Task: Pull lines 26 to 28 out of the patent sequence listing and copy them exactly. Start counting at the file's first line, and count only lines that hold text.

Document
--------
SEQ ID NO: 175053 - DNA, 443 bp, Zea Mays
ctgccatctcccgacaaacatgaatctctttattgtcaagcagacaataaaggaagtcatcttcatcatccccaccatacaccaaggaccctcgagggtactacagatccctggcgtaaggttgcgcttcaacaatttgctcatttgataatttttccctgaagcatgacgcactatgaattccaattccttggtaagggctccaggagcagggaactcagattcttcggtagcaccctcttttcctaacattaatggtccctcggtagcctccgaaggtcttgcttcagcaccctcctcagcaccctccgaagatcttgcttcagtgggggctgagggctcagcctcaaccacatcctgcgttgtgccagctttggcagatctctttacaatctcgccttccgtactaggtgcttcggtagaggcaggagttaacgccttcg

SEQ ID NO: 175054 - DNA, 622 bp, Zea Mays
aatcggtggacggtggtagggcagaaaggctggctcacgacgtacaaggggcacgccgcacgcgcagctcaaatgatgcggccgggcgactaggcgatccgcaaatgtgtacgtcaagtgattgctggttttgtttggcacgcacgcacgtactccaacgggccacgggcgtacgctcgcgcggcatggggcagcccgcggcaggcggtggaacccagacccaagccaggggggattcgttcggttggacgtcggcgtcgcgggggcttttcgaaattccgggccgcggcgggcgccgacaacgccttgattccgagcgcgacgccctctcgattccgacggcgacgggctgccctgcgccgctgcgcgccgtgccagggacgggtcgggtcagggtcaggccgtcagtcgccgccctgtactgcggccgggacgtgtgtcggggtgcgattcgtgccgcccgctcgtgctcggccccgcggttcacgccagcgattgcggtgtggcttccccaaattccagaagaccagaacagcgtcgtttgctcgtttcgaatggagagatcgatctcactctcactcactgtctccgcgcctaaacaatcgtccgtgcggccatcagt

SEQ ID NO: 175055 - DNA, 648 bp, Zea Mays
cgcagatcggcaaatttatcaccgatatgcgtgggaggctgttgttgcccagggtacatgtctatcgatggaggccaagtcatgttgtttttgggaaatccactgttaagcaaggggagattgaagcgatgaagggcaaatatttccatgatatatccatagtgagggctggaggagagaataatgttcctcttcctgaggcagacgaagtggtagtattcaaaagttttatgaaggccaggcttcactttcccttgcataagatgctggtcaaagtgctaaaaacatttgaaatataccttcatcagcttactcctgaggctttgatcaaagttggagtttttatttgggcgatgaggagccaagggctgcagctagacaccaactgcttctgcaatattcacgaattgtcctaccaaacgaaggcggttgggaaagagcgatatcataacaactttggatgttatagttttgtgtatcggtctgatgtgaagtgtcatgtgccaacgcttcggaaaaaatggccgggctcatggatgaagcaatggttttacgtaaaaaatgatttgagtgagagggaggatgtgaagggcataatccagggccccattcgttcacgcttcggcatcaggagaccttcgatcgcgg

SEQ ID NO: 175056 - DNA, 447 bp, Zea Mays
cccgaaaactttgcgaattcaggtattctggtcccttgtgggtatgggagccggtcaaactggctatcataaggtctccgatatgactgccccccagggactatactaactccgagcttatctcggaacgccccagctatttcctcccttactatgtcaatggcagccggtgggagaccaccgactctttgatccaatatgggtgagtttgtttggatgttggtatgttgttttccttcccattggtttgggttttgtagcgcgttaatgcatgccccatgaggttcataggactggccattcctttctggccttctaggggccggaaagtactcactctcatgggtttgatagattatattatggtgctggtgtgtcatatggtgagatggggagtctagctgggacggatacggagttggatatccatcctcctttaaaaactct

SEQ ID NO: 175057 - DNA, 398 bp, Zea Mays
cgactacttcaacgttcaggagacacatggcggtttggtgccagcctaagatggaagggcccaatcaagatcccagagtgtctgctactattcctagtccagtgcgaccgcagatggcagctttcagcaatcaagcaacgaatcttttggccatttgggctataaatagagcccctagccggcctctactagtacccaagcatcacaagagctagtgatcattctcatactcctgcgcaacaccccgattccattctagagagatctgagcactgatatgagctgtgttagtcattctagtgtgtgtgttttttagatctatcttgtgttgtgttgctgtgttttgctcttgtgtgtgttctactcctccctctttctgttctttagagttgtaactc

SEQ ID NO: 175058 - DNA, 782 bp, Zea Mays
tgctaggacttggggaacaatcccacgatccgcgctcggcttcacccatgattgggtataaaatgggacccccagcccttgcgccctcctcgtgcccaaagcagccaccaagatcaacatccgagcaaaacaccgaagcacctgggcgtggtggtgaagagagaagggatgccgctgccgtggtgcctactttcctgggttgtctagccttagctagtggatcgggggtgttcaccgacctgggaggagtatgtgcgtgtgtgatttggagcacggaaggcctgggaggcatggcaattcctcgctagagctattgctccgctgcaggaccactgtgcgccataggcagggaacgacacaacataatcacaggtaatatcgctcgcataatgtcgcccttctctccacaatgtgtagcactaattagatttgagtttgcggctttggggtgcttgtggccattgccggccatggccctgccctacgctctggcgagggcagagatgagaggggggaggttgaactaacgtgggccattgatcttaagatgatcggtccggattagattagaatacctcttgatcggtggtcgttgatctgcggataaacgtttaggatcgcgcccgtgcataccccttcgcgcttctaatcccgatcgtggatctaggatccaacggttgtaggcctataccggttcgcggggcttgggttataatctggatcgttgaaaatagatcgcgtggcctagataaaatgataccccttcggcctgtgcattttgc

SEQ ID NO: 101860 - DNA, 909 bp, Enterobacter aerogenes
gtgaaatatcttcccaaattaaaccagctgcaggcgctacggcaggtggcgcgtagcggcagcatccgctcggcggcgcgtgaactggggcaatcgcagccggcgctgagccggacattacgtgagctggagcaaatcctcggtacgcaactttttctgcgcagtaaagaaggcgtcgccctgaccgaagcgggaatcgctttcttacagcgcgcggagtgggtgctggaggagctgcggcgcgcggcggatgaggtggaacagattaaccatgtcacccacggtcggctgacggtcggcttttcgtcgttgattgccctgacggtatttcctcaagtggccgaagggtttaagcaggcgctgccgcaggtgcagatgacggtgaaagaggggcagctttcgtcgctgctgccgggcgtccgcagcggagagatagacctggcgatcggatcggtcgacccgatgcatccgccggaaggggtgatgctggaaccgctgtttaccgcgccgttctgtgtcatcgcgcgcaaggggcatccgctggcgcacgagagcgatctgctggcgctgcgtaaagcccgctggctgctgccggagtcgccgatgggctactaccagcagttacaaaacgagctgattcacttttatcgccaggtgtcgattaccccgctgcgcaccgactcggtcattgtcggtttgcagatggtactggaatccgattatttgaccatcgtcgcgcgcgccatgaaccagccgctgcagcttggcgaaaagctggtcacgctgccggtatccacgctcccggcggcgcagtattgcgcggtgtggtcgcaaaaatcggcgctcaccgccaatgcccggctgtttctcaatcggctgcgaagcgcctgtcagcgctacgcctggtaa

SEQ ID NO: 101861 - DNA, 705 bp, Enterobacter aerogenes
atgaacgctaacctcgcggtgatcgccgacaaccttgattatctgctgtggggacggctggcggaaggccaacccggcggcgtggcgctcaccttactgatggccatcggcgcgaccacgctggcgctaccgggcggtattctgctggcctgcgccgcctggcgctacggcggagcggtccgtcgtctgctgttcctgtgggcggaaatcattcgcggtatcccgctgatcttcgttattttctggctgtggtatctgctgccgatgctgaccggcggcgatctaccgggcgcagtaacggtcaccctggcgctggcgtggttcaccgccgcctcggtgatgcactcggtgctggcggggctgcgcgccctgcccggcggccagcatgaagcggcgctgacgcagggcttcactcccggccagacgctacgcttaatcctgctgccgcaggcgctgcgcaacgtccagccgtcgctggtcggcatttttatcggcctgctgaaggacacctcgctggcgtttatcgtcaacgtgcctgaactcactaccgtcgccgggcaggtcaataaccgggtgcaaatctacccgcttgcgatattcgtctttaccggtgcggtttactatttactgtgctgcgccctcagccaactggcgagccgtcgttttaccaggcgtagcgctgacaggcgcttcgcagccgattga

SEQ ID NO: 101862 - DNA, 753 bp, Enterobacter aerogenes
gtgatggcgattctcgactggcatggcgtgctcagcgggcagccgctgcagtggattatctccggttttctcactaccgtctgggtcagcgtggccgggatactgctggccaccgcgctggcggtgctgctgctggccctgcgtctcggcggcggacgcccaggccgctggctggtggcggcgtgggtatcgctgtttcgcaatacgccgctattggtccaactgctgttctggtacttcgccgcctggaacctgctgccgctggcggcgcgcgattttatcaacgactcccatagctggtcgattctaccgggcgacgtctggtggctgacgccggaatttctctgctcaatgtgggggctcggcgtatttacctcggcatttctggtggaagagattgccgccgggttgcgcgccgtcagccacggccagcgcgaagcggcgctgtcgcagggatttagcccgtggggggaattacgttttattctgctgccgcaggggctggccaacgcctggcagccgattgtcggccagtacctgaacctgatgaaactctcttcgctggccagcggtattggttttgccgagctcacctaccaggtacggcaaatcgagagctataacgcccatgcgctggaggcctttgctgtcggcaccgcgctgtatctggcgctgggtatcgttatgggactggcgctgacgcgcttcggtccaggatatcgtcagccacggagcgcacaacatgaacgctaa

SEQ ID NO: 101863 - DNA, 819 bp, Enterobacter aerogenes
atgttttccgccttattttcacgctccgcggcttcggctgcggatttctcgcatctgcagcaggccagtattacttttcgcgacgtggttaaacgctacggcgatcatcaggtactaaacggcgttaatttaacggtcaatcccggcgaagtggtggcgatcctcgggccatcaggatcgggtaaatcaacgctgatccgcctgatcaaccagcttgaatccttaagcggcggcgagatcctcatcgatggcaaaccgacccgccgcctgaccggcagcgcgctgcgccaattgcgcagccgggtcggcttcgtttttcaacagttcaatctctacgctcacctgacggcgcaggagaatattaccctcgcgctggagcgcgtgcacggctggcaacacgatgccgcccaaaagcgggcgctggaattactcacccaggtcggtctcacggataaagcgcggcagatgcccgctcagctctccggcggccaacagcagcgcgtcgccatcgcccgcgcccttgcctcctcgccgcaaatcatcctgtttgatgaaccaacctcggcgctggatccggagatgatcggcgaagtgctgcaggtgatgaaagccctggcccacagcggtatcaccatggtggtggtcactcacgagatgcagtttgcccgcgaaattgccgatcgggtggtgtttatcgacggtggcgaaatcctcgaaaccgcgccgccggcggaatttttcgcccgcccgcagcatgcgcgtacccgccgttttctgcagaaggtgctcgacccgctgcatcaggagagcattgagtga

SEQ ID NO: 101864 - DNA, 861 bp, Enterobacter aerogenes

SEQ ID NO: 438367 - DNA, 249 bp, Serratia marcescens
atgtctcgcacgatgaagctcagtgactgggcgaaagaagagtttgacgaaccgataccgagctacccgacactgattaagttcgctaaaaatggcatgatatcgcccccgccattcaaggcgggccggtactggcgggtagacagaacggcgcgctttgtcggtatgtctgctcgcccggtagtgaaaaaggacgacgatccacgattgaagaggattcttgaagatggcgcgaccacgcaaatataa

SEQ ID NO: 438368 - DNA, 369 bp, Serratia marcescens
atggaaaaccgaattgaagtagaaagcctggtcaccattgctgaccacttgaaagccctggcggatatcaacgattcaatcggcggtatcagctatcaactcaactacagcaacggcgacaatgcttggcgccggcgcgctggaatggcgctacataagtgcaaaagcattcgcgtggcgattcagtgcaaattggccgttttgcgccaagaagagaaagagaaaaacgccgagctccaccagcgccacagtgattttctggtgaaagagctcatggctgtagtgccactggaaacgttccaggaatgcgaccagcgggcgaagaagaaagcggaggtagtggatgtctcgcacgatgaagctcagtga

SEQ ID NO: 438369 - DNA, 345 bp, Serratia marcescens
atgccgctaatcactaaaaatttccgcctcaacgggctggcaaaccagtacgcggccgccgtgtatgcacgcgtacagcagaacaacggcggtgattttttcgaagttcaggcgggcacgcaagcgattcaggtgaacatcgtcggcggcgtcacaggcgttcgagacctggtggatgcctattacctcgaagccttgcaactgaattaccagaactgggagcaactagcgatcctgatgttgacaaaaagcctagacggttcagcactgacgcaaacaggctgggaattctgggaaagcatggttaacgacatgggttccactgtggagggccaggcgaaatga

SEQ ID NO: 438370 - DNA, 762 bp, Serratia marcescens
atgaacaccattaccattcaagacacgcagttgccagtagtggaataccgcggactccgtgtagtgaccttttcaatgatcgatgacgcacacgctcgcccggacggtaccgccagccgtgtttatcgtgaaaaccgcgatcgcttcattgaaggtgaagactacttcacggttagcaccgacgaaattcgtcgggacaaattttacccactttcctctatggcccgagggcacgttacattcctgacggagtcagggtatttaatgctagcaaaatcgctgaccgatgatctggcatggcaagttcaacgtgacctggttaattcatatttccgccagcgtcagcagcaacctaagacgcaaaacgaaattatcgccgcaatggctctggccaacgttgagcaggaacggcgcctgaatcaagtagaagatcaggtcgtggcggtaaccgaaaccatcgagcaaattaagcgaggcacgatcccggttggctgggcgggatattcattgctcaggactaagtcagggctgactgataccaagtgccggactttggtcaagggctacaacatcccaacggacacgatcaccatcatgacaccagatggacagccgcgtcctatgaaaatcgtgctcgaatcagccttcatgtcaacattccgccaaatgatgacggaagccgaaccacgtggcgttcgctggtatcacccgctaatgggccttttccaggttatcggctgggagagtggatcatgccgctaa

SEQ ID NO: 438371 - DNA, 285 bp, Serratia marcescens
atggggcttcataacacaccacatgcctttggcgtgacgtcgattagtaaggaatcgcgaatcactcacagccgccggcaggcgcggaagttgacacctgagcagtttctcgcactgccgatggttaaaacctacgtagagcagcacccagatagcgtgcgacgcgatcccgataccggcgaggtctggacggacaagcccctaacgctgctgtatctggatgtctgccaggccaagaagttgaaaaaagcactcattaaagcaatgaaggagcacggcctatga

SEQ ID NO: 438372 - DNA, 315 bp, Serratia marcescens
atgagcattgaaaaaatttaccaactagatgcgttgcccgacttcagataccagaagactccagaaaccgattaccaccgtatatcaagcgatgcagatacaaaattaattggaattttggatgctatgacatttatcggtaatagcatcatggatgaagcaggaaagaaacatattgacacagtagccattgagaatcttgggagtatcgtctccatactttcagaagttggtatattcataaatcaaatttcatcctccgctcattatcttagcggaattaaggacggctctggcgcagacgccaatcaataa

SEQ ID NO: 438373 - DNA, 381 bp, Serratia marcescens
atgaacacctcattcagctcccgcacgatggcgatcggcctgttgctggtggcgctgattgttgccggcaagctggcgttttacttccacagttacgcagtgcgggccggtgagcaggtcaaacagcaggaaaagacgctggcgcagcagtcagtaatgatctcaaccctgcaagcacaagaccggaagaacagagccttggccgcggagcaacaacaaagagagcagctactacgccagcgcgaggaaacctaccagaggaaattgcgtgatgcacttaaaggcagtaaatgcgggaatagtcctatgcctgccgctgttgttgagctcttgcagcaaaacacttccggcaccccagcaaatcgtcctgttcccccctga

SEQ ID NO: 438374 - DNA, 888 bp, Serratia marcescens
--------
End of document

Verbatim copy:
SEQ ID NO: 438369 - DNA, 345 bp, Serratia marcescens
atgccgctaatcactaaaaatttccgcctcaacgggctggcaaaccagtacgcggccgccgtgtatgcacgcgtacagcagaacaacggcggtgattttttcgaagttcaggcgggcacgcaagcgattcaggtgaacatcgtcggcggcgtcacaggcgttcgagacctggtggatgcctattacctcgaagccttgcaactgaattaccagaactgggagcaactagcgatcctgatgttgacaaaaagcctagacggttcagcactgacgcaaacaggctgggaattctgggaaagcatggttaacgacatgggttccactgtggagggccaggcgaaatga

SEQ ID NO: 438370 - DNA, 762 bp, Serratia marcescens